Any activity that is planned at a future time interval is generally referred to as scheduling. JavaScript has functions for running at a specified schedule time or interval. They are:

  1. setTimeout(function, milliseconds)
  2. setInterval(function, milliseconds)

Both the functions allow you to execute a piece of JavaScript code/function at a certain point in the future.


Javascript setInterval Vs setTimeout

setTimeout(function, milliseconds)

JavaScript setTimeout() is a function that execute a JavaScript statement after 'X' interval. This means that it is a time based code execution method that will execute a script only one time when the interval is reached. It will not repeat again unless you gear it to loop the script by nesting the setTimeout() object inside of the function it calls to run. If geared to loop, it will keep firing at the interval unless you call clearTimeout().



If you want something to happen one time after a specified period of time, then use setTimeout(). That is because it only executes one time when the specified interval is reached.

setInterval(function, milliseconds)

JavaScript setInterval() is a function that execute a JavaScript statement every 'X' interval. This means that it is a time interval based code execution method that has the native ability to repeatedly run a specified script when the interval is reached. It should not be nested into its callback function by the script author to make it loop, since it loops by default. It will keep firing at the interval unless you call clearInterval().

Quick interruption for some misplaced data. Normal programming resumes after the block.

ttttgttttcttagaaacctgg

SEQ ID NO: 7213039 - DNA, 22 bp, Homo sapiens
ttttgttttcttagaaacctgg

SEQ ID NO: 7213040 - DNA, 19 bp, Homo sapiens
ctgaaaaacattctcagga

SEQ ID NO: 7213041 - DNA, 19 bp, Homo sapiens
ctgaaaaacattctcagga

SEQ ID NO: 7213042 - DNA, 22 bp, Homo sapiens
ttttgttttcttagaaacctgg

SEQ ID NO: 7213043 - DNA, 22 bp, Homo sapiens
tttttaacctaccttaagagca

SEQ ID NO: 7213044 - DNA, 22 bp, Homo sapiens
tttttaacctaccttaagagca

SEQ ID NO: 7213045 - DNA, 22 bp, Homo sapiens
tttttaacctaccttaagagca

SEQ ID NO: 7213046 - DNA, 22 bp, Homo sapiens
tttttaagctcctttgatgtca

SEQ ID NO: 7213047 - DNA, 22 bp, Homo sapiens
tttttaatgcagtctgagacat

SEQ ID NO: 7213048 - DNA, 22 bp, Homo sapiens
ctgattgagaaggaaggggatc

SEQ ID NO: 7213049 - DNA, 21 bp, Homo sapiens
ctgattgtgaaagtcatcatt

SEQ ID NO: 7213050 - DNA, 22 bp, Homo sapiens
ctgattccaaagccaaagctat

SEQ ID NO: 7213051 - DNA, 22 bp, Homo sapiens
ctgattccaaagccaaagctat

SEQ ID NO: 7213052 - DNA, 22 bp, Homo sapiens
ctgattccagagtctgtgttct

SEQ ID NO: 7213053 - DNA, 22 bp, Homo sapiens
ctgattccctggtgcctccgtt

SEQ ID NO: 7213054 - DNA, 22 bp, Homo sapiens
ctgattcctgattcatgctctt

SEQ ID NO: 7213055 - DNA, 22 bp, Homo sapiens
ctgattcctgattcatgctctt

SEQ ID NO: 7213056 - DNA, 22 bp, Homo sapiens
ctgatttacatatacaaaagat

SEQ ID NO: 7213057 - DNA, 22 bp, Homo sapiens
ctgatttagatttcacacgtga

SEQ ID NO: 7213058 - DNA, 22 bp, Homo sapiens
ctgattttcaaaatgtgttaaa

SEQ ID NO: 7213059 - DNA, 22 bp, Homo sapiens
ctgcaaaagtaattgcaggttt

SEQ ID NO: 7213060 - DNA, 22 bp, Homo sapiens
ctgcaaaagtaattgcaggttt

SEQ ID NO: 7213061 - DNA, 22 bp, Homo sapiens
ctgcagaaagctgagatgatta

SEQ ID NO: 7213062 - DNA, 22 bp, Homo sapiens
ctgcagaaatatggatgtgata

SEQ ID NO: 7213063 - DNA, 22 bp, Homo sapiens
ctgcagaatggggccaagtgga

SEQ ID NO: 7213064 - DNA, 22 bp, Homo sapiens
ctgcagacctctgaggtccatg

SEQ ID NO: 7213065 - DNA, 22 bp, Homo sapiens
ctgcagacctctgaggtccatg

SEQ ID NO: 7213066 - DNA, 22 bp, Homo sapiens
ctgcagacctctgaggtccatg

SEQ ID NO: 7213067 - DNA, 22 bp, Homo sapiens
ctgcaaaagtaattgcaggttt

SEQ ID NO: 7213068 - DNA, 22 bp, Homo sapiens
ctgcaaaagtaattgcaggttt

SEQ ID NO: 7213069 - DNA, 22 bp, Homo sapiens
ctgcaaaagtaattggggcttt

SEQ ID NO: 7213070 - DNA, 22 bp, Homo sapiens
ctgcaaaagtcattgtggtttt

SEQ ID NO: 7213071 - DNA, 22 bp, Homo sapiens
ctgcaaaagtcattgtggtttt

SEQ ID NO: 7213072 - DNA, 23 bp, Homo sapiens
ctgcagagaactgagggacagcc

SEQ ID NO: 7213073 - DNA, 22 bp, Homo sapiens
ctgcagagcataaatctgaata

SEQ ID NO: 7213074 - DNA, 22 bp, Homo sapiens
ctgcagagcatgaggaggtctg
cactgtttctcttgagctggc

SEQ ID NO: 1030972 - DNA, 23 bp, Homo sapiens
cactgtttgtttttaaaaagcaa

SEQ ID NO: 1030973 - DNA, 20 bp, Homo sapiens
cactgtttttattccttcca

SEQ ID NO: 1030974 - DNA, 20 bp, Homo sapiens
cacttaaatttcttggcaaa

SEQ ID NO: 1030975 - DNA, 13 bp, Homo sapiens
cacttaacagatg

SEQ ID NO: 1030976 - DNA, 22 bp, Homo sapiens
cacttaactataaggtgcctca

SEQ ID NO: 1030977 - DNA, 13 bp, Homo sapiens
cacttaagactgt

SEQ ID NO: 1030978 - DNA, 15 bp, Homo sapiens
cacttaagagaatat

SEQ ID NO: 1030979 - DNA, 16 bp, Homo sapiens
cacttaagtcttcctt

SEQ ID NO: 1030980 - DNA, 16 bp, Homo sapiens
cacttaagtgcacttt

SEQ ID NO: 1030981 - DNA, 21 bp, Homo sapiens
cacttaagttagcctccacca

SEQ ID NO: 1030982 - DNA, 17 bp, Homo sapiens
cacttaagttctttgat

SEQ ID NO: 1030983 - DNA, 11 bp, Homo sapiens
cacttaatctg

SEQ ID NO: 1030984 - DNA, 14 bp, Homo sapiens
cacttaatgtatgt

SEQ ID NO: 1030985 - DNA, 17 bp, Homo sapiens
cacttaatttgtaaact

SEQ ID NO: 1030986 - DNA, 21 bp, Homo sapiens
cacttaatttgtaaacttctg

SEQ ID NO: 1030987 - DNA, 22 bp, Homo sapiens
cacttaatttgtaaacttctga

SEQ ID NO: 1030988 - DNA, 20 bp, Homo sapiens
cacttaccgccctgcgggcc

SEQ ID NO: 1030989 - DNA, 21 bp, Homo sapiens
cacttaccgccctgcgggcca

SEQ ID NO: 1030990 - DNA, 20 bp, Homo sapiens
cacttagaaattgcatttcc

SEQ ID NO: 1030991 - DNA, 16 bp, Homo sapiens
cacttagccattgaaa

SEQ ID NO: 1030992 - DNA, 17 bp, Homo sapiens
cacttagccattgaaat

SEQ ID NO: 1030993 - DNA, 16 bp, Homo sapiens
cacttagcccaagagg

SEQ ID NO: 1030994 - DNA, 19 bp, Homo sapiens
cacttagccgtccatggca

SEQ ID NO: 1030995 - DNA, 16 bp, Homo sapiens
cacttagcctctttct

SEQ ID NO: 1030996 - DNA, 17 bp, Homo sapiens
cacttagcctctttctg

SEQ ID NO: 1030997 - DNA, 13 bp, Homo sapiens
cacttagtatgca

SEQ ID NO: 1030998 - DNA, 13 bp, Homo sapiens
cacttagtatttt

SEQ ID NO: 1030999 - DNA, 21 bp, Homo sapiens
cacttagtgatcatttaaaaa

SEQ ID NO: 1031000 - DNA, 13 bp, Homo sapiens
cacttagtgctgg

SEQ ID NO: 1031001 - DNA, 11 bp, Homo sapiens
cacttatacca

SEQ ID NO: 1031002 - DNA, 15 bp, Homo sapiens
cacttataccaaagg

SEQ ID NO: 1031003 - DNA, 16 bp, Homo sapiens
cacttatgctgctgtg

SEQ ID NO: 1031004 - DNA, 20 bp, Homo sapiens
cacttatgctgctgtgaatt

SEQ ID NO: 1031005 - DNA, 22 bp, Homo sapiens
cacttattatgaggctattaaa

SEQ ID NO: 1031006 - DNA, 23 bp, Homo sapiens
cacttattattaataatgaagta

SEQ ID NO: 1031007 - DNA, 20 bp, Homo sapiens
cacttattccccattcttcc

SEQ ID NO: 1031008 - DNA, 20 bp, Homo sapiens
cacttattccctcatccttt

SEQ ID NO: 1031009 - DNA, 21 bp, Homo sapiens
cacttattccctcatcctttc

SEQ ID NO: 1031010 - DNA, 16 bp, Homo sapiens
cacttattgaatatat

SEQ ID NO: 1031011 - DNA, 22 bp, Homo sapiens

If you want to loop code for animations or on a clock tick, then use setInterval().

Accuray (setTimeout Vs. setInterval)

Please note that all scheduling methods do not guarantee the exact delay. For example, the in-browser timer may slow down for a lot of reasons:

  1. The CPU is overloaded.
  2. The browser tab is in the background mode.
  3. The laptop is on battery.

Javascript timer

Both, setTimeout and setInterval essentially try to do the same thing, but the setInterval approach will be more accurate than the setTimeout approach, since setTimeout waits 1000ms, runs the function and then sets another timeout. So the wait period is actually a bit more than 1000ms. Although one might think that setInterval will execute exactly every 1000ms, it is important to note that setInterval will also delay, since JavaScript isn't a multi-threaded language, which means that - if there are other parts of the script running - the interval will have to wait for that to finish. The delay is almost always negligible, all that may increase the minimal timer resolution (the minimal delay) to 300ms or even 1000ms depending on the browser and OS-level performance settings.



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